We learned Those shaking flasks you see in the corner? Those are beer science experiments. Begyle employs a microbiologist to conduct beer testing. The shaking speeds up fermentation, which allows Begyle to test its beers sooner.

Booze included You'll get three pours of a rotating variety and a Begyle goblet. Since Begyle constantly rotates through new beers, you’re likely to find one that you haven’t had yet.

Tours: Saturdays at noon. $10.—Karl Klockars

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North Center

Goose Island Brewery

This isn't where Goose Island got its start (that'd be the Clybourn brewery) but plenty of beer has been brewed here since the facility opened up in 1995. After meeting in the adjoining taproom, you'll make your way through a 45-minute tour tour of the brewing tanks, "wild room," innovation room and barrel house. Beer is being made 24/7, so—rest assured—you'll see some brewers hard at work. 

What we learned The "wild room" where Goose Island's Matilda Belgian-style pale ale is brewed is separated from the rest of the brewery. This precaution is taken to prevent the wild yeast (called brettanomyces) used to make Matilda from coming in contact with any other beers.

Booze included Three six ounce pours—they're served in glasses that can't be carried throughout the tour, so grab a plastic cup from the bar if you're a slow drinker. After the tour, you'll take home a free pint glass.

Tours: Thursday and Friday at 3, 4, 5 and 6pm; Saturdays and Sundays at 1, 2, 3 and 4pm. $12. Reservations recommended.—Zach Long

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United Center

Goose Island Clybourn

Established in 1988, the Goose Island Clybourn Brewpub is an elder statesman of the city’s (heck, the country’s) craft beer scene. Such credentials translate to packed tours that can feel a little rote, but the tasting session that follows the 30-minute tour, not to mention the sweet take-home (a logo pint glass!), will send you away smiling.

We learned Lagers take around twice as long to produce as ales, making them something of a liability for a smallish-capacity brewpub like GI Clybourn. Consequently, most of the roughly 100 beers made here annually are ales.

Booze included Six one-ounce pours, presented in a blind-format guided tasting and discussion session.

Tours: Saturdays at 12:30, 2 and 3:30pm; Sundays at 1:30 and 3pm. Reservations recommended. $10.—CH

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Lincoln Park

Half Acre Brewery

First things first: Get in line early. Tours are capped at 60 people and it took us three tries to get in. The cap "weeds out the weenies," our tour guide explained. The brewery is filled with brewing equipment, kegging and canning gear, and fermenters. The more than two-hour tour is the longest we went on, and you’ll be rewarded with plenty of beer.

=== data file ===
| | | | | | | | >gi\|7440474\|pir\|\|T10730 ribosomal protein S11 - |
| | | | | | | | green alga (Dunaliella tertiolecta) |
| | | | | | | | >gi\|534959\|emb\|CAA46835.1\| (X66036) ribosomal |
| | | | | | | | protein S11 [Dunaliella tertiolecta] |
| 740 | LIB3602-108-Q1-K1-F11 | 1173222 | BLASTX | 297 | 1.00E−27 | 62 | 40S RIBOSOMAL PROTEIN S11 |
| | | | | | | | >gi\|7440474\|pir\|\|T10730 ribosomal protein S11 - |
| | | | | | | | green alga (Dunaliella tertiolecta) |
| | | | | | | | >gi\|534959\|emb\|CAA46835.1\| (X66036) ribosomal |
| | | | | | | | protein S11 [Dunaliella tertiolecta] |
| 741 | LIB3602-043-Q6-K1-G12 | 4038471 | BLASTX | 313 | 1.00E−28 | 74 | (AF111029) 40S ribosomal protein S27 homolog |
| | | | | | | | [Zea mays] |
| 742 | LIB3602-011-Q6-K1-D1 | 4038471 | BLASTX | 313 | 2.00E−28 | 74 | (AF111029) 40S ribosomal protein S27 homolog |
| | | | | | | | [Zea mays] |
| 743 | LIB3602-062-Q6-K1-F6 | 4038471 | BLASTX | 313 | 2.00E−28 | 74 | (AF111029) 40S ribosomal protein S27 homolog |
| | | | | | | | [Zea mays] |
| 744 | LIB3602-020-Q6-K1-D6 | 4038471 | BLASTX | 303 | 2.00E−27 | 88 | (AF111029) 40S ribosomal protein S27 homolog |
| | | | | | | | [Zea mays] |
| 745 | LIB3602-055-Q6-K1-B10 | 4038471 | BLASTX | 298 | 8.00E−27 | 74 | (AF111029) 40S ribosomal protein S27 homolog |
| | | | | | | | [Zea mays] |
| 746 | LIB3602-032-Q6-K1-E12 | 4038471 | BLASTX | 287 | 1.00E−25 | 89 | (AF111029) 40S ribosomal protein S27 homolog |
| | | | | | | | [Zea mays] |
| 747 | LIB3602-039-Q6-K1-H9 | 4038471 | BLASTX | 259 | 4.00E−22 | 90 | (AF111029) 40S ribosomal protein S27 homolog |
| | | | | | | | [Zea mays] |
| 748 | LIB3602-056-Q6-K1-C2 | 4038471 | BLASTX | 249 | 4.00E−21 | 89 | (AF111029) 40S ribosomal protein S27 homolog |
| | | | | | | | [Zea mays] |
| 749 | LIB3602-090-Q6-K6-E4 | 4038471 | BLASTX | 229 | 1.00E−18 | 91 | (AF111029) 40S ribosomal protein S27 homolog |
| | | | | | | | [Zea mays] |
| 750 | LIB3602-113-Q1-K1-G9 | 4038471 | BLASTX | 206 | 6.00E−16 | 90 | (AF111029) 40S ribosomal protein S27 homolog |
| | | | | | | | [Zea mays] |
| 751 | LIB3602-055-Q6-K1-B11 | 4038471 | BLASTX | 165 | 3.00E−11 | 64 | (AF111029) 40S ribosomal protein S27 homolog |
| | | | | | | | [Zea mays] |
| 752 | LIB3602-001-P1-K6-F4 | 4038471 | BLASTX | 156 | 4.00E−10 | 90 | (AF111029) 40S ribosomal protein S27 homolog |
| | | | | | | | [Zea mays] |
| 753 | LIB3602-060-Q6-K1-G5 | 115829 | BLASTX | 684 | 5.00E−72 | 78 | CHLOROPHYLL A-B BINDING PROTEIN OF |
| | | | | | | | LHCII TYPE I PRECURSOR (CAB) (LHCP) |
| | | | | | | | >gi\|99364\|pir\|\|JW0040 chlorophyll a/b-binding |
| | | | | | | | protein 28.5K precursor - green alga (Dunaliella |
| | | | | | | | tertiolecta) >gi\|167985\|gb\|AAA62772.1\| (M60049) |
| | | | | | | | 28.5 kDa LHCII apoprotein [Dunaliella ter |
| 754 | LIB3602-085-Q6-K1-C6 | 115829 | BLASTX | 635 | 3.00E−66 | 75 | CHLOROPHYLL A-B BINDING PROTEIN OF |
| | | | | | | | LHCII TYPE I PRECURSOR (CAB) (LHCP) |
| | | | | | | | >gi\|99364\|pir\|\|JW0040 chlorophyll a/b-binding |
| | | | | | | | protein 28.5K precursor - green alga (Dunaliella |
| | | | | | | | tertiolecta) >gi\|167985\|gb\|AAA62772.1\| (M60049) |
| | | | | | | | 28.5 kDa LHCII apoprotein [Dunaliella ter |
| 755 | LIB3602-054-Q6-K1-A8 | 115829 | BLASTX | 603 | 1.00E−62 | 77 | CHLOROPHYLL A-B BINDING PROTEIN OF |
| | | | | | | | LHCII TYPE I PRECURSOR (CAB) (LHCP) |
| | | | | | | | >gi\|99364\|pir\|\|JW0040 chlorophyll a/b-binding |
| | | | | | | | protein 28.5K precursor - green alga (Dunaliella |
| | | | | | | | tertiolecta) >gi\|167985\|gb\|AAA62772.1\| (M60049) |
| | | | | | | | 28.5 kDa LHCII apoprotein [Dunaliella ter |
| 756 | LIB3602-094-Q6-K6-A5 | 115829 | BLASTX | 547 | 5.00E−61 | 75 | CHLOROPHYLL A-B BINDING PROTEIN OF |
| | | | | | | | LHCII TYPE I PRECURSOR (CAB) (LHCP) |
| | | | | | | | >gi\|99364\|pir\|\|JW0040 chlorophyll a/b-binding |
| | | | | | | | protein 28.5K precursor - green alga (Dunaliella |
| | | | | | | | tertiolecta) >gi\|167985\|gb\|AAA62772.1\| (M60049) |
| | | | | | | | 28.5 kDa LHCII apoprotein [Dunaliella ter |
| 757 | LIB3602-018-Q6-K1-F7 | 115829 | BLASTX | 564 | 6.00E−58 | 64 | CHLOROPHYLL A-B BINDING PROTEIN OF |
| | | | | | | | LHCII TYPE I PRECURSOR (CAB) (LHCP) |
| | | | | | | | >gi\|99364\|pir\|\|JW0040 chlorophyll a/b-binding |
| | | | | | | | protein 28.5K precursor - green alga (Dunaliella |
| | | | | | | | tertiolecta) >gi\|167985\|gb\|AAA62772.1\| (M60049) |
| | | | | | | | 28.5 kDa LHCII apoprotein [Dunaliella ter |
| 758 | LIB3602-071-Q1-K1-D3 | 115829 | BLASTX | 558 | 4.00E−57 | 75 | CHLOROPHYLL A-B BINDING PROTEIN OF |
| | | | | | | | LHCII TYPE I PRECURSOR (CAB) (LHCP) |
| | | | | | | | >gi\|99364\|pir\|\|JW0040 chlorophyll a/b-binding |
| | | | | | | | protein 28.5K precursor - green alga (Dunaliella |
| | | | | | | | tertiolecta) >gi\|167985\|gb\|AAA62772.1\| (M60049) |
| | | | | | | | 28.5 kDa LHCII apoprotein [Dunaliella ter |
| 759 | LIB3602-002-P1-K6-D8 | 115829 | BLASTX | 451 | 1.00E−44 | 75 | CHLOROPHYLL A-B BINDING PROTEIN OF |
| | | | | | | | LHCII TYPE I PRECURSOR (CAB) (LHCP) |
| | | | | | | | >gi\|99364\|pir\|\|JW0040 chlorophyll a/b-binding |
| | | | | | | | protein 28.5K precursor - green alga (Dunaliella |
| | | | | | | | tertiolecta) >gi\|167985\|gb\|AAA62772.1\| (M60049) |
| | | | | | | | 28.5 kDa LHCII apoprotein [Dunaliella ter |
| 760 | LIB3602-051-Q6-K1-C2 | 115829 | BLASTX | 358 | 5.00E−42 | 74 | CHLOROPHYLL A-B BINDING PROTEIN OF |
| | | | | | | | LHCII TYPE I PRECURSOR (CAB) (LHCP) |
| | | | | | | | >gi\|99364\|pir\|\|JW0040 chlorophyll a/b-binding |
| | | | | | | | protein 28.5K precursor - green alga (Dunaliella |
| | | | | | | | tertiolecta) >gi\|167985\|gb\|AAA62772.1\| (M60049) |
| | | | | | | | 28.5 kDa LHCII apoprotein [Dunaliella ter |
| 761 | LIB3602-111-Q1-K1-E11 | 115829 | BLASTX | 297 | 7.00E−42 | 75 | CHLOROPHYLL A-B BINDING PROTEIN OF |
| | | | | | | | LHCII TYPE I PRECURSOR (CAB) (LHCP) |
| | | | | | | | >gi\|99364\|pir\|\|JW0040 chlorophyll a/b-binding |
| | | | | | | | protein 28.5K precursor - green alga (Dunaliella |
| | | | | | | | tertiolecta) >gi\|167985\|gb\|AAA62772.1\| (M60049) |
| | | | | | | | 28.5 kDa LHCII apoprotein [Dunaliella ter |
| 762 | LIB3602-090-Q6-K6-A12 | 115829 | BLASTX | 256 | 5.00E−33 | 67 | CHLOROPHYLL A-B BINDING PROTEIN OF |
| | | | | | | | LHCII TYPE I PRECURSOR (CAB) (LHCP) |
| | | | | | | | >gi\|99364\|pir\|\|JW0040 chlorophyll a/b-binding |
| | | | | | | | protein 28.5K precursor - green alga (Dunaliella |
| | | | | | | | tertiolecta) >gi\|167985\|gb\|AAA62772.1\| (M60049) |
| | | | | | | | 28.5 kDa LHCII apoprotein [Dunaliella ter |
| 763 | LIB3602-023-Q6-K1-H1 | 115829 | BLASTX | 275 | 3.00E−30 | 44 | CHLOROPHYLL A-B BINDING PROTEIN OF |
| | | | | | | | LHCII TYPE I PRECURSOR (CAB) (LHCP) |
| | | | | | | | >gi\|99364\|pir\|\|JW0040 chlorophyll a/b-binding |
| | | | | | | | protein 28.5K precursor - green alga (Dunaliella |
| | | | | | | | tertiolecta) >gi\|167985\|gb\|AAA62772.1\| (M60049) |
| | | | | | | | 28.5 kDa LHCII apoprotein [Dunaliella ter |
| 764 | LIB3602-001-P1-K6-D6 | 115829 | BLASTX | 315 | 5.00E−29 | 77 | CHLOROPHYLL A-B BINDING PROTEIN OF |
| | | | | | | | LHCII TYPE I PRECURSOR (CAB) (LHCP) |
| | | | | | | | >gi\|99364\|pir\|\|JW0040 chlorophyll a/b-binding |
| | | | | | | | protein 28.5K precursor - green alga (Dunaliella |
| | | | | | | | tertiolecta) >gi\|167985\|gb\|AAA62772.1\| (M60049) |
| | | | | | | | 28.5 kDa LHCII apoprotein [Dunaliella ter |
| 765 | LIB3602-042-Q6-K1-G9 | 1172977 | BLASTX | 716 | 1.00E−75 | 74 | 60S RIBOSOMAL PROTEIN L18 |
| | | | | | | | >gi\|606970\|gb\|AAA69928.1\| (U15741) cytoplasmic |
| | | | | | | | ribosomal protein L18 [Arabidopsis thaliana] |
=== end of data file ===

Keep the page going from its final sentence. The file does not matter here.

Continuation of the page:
We learned The full story of Half Acre, from the creation and humble beginnings on a Sand Creek, Wisconsin, contract line to the current canning line hidden in the back corner of the brewery.

Booze included Three pours of your choice; usually Gossamer, Pony Pilsner, Daisy Cutter and a seasonal are on draft. Plus: a Half Acre pint glass.

Tours: Saturdays at 11am. $10.—KK

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North Center

Haymarket Pub & Brewery

Congenial one-hour tours of this West Loop brewpub include a briefing on the property’s storied history (as Barney’s Market Club, it was a choice nightspot for movers, shakers and local rogues for decades), followed by a heavy-on-the-beer-geekery jaunt through the production area and a guided tasting of four pours. 

We learned Those who would deem bigger automatically means better, take heed: Though Haymarket’s 15-barrel brew tank may restrict its output, a modest batch size means a relatively limited loss should something go awry, enabling brewers to embrace experimentation in a way that many larger outfits can’t.

Booze included A 12-ounce beer to take along on the tour followed by four four-ounce pours (tour guide’s choice). Though sample lineup varies based on availability, the inclusion of high-gravity pours like 10% ABV Matthias Imperial IPA lays down the foundation for a serious Sunday funday.

Tours: Sundays at 12, 2 & 4pm. $15. Reservations highly recommended. —CH

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West Loop

Lagunitas Brewing Company

When Lagunitas opened, it became the largest brewery in Chicago. And this place is massive—housed in an old steel distribution plant in Douglas Park, the brewery is only occupying part of the space right now, so there’s plenty of room for growth.